The new RB reality: Top recruits willing to split workload
Even before he had Alabama rolling to three national titles in four years, Nick Saban didn't bother catering to the egos of high school tailbacks. When Geismar, La., back Eddie Lacy signed in February 2009, the Tide hadn't won a national title under Saban, but the coach made no empty promises of carries. In fact, Saban told Lacy -- as he has told every back he has recruited -- that his goal is to get the most production out of the fewest carries possible.
"That's always one of my sales pitches for them," Saban said. "The shelf life of a running back is the shortest of any position in the NFL."
Even though he had a brilliant freshman season, T.J. Yeldon will not suddenly become a 30-carry back with Lacy headed to the NFL. Yeldon will wind up splitting carries with one or two other backs. Given Alabama's recent history, chances are good Yeldon will wind up splitting carries with a freshman. That could be Derrick Henry, the nation's all-time high school rushing yardage leader from Yulee, Fla., who enrolled in Tuscaloosa this month. Or it could be Altee Tenpenny, the North Little Rock, Ark., back who is committed to Alabama but is still considering Arkansas after a push from new Razorbacks coach Bret Bielema.
Brad Bolding, Tenpenny's coach at North Little Rock High, said Alabama coaches have stressed using multiple backs throughout the recruiting process. "It's unique how they recruit," Bolding said. "They tell you just flat-out that, 'Hey, we're going to run two or three backs in the game. The shelf life in the NFL is a lot longer.'"
According to the NFL Players Association, the average career of an NFL tailback lasts 2.57 years. The more pounding a player takes for free (in high school) or for a scholarship (in college), the less he can take for big money in the NFL. Because backs absorb the hardest hits whether they're carrying or blocking, they are the most at risk to suffer a career-ending injury on a given play. That has made tailback the most expendable position in the NFL, and it has forced Saban and other coaches to change how they use and recruit tailbacks. If high school tailbacks are smart, it should change how they choose a college program. The schools that can divide the workload should have the advantage.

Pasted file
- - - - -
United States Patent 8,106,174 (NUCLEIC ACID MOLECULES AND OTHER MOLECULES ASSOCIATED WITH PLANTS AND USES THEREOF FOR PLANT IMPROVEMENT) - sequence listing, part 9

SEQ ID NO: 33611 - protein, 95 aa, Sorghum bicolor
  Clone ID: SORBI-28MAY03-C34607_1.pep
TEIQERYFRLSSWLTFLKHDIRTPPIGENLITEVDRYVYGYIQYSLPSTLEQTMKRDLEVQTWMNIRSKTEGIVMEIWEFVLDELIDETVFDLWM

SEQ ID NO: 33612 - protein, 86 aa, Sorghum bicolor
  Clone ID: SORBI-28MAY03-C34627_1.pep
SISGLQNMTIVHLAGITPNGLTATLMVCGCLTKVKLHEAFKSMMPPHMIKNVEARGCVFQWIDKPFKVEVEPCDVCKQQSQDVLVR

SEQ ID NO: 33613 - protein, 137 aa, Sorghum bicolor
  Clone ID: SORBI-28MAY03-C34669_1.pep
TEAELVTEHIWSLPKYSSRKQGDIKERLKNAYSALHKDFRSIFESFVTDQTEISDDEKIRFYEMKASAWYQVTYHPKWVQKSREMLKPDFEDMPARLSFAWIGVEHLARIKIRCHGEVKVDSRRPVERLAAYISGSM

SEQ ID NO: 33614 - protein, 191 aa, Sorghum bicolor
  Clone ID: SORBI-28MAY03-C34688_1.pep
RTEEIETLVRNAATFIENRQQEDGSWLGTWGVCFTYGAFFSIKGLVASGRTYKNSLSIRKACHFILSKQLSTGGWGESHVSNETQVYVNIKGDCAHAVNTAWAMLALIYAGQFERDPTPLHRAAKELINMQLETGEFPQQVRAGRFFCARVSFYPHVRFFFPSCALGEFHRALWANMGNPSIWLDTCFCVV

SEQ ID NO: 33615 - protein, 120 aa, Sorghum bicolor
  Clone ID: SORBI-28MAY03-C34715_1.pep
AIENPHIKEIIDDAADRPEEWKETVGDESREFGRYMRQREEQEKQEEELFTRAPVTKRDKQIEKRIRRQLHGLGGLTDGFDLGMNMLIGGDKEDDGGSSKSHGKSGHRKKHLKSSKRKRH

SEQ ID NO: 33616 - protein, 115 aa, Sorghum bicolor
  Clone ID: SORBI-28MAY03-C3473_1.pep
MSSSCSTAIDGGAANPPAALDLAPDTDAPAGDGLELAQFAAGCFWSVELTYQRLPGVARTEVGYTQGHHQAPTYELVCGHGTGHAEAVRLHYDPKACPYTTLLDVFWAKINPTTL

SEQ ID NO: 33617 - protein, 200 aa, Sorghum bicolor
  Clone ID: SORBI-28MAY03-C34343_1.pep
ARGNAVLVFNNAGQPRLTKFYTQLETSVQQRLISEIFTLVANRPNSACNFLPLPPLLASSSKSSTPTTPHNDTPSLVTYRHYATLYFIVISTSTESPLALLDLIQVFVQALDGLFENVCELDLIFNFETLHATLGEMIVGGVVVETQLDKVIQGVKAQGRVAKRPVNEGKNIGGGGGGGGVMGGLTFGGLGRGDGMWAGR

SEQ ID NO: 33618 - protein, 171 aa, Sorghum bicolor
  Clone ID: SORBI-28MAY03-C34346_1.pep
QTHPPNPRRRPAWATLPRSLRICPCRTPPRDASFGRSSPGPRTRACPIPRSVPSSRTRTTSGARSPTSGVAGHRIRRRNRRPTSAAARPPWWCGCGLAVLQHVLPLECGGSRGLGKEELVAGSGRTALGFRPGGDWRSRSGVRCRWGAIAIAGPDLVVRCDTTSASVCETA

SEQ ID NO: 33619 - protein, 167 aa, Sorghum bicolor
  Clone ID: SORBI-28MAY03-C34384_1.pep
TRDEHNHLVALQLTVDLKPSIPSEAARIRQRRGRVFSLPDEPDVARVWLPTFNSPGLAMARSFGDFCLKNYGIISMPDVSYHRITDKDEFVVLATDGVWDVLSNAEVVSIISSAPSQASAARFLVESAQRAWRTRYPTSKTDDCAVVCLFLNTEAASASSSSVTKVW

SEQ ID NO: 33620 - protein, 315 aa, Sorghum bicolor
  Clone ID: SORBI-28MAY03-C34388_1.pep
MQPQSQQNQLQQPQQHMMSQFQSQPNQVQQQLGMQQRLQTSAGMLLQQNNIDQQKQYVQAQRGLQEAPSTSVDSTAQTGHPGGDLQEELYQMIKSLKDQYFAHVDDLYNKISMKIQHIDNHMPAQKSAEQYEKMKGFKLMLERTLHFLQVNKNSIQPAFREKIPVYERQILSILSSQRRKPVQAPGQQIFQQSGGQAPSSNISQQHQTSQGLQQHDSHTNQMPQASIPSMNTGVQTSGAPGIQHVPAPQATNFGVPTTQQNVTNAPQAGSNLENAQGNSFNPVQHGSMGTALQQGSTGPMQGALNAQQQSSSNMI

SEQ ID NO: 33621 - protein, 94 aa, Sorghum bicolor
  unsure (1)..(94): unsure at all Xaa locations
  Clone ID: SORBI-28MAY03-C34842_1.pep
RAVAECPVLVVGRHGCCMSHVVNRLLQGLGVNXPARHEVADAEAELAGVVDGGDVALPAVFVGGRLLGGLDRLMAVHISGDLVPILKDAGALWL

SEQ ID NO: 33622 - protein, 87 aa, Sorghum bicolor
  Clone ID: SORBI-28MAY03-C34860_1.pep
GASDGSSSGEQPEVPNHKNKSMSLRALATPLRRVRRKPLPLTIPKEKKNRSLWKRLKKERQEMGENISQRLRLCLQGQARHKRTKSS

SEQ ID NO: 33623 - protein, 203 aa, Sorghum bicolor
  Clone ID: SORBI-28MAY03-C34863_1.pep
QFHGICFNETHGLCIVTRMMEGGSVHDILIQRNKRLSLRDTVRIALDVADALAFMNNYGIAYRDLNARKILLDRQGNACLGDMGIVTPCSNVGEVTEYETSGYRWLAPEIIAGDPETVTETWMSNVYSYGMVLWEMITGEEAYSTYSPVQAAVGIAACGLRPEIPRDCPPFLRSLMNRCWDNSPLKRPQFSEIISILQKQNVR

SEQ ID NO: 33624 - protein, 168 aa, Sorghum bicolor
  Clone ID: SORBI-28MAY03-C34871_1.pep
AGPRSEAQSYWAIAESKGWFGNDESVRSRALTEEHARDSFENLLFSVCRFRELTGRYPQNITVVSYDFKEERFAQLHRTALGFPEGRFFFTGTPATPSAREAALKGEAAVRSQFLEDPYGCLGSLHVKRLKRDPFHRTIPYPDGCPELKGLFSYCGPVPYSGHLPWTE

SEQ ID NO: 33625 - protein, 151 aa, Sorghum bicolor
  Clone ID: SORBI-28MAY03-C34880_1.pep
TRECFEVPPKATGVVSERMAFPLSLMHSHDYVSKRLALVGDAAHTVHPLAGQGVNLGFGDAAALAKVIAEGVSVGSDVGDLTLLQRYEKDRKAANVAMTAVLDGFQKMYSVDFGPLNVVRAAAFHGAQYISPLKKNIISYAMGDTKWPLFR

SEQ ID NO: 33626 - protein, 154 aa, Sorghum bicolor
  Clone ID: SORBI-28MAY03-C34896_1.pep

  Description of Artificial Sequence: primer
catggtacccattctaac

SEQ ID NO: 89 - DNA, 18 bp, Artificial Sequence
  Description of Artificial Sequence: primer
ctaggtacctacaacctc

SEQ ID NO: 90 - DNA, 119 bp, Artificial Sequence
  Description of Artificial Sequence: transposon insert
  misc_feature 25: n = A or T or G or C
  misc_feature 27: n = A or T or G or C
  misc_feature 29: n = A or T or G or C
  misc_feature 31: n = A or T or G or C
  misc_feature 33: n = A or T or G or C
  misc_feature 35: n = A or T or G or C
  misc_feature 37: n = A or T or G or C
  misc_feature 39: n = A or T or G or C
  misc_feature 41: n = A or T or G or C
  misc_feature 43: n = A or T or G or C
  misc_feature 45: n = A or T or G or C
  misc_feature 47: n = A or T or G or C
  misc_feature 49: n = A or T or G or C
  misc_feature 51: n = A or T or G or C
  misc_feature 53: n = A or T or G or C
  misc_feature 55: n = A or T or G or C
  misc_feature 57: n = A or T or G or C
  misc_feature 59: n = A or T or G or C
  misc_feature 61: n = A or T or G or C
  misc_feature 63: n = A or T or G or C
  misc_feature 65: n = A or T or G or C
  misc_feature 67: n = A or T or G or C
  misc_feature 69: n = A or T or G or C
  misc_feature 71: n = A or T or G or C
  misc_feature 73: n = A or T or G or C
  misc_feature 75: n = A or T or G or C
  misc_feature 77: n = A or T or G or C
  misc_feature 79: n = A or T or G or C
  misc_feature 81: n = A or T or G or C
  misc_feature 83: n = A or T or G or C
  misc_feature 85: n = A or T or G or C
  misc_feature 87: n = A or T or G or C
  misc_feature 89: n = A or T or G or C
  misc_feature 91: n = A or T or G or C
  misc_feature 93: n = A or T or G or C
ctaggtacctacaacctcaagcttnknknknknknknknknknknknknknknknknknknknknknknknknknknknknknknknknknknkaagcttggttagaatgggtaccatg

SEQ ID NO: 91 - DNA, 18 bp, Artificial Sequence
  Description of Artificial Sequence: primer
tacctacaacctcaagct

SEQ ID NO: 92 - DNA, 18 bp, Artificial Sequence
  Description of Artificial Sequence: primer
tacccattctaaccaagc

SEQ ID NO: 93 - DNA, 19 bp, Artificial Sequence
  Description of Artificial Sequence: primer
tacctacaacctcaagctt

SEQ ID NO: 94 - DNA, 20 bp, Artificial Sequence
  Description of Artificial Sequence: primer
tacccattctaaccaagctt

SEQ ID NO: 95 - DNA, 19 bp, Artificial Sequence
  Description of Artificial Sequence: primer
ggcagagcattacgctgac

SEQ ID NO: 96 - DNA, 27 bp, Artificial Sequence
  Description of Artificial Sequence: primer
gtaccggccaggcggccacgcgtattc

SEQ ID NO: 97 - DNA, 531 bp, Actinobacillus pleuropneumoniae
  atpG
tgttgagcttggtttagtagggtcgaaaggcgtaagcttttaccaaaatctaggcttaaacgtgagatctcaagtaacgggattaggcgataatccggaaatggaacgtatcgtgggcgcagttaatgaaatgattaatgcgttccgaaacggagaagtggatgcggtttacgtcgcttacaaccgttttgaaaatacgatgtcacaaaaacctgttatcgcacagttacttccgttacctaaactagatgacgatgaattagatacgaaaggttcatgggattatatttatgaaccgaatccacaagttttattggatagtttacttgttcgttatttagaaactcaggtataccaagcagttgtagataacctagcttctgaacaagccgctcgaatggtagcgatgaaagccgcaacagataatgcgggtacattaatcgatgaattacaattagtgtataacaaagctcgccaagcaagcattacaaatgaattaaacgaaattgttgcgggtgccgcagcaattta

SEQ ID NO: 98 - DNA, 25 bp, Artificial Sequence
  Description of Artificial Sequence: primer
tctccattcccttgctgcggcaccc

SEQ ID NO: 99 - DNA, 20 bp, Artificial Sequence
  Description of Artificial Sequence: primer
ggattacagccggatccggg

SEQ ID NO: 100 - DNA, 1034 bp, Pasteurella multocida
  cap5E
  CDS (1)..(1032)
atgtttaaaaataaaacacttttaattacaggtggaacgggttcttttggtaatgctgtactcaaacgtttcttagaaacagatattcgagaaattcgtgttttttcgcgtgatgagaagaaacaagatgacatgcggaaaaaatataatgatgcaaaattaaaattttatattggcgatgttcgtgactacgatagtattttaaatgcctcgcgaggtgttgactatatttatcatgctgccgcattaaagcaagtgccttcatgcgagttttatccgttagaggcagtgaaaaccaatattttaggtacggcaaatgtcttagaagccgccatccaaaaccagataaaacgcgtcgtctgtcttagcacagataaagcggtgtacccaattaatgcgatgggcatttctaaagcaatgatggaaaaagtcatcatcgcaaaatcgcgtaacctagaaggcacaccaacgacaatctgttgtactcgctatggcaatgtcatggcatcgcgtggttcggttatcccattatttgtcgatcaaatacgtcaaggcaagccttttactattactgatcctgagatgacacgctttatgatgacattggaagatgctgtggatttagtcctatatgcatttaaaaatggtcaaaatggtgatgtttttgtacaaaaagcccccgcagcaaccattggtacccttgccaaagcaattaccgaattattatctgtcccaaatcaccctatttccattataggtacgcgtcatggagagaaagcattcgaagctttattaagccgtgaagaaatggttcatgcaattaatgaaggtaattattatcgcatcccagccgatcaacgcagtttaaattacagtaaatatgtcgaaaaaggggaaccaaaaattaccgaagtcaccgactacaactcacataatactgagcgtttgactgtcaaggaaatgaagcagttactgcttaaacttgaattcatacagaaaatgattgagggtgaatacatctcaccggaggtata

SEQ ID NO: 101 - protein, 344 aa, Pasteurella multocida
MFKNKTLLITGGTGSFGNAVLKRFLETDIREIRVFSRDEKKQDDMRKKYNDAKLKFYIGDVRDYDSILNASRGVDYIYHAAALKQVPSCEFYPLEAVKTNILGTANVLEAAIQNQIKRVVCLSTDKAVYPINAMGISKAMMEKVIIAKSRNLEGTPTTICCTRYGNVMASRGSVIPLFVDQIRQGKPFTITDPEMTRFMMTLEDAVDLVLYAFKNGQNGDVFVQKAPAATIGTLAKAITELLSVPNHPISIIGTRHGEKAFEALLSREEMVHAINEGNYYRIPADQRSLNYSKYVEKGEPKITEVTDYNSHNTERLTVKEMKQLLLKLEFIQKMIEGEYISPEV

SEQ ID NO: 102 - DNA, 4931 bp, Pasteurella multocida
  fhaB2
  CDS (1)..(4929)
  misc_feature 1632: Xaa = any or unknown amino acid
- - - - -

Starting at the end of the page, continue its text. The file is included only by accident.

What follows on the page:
"I think of it future-wise," said Lacy, the MVP of last season's BCS title game against Notre Dame. "A lot of running backs want to get the ball 20 or 30 times a game, but, at the same time, it wears your body down. So you don't really know how long you have."
Back when we worried about whether the Y2K bug would shut down our power grids, tailback recruits worried about carries. Would they be the man once they got to college? High school backs still worry about carries, but that attitude is changing as the importance of the odometer trickles down from the NFL. Now, the term "low-mileage back" has crept into the NFL draftnik's vocabulary. It's not an insult. It means a back has taken fewer hits at lower levels and therefore might have a longer career in the NFL.
Lacy is a prime example. In 2010, he split carries with Mark Ingram and Trent Richardson. In 2011, he split carries with Richardson. In 2012, he split carries with Yeldon. Ingram (572 collegiate carries) was a first-round pick (No. 28) in 2011. Richardson (540 collegiate carries) was a first-round pick (No. 3) in 2012. Lacy (355 collegiate carries) projects as a late first- or early second-round pick in 2013. That's a far cry from the SEC feature-back days of Herschel Walker, who carried 994 times in three seasons at Georgia before he entered pro football.
The last 1,000-carry back chosen in the first round of the NFL draft was Cedric Benson in 2005. Benson toted the ball 1,112 times at Texas from 2001-04. Longhorns coach Mack Brown loves his workhorse backs -- Ricky Williams carried 361 times in Brown's first year in Austin -- but even Brown has changed his philosophy. The Longhorns rushed for 2,229 yards in 2012, but they split carries among Johnathan Gray (149 carries), Joe Bergeron (127 carries) and Malcolm Brown (61 carries). At Georgia, Mark Richt divvied carries between freshmen Todd Gurley (222 carries) and Keith Marshall (117 carries) and came within a few yards of playing for the national title. With NFL teams counting every tick on the odometer, per-carry efficiency has become far more important than total yardage.
Saban said recruits have begun to comprehend the need to leave some tread on the tires for the next level, making the idea of sharing the spotlight easier to stomach. "A lot of these guys really realize that and understand," Saban said. "We've had two or three guys in each year who have been productive for us, and it's worked out well for us."
The sales job may become easier as high school coaches realize the same thing their college counterparts have. Instead of simply feeding Tenpenny this year, Bolding split carries between his senior star and junior Juan Day, who committed to Arkansas earlier this month. Besides the benefit to the players, the system might offer a strategic advantage. "I liked it," Bolding said. "If you have the ability to do that as a high school team, I recommend it. You get to the fourth quarter, and you're still pounding. ... You could see the other team wear down."
So take heed, elite high school backs. Beware the college coach who promises a multitude of carries. Fortunately, that breed of coach becomes more rare by the day as the college game wakes up to the need for a better division of labor in the backfield. "Their philosophies are changing slowly," Bolding said. "It's like anything else in football. What is the flavor of the month or flavor of the year? But I think this one is going to stick."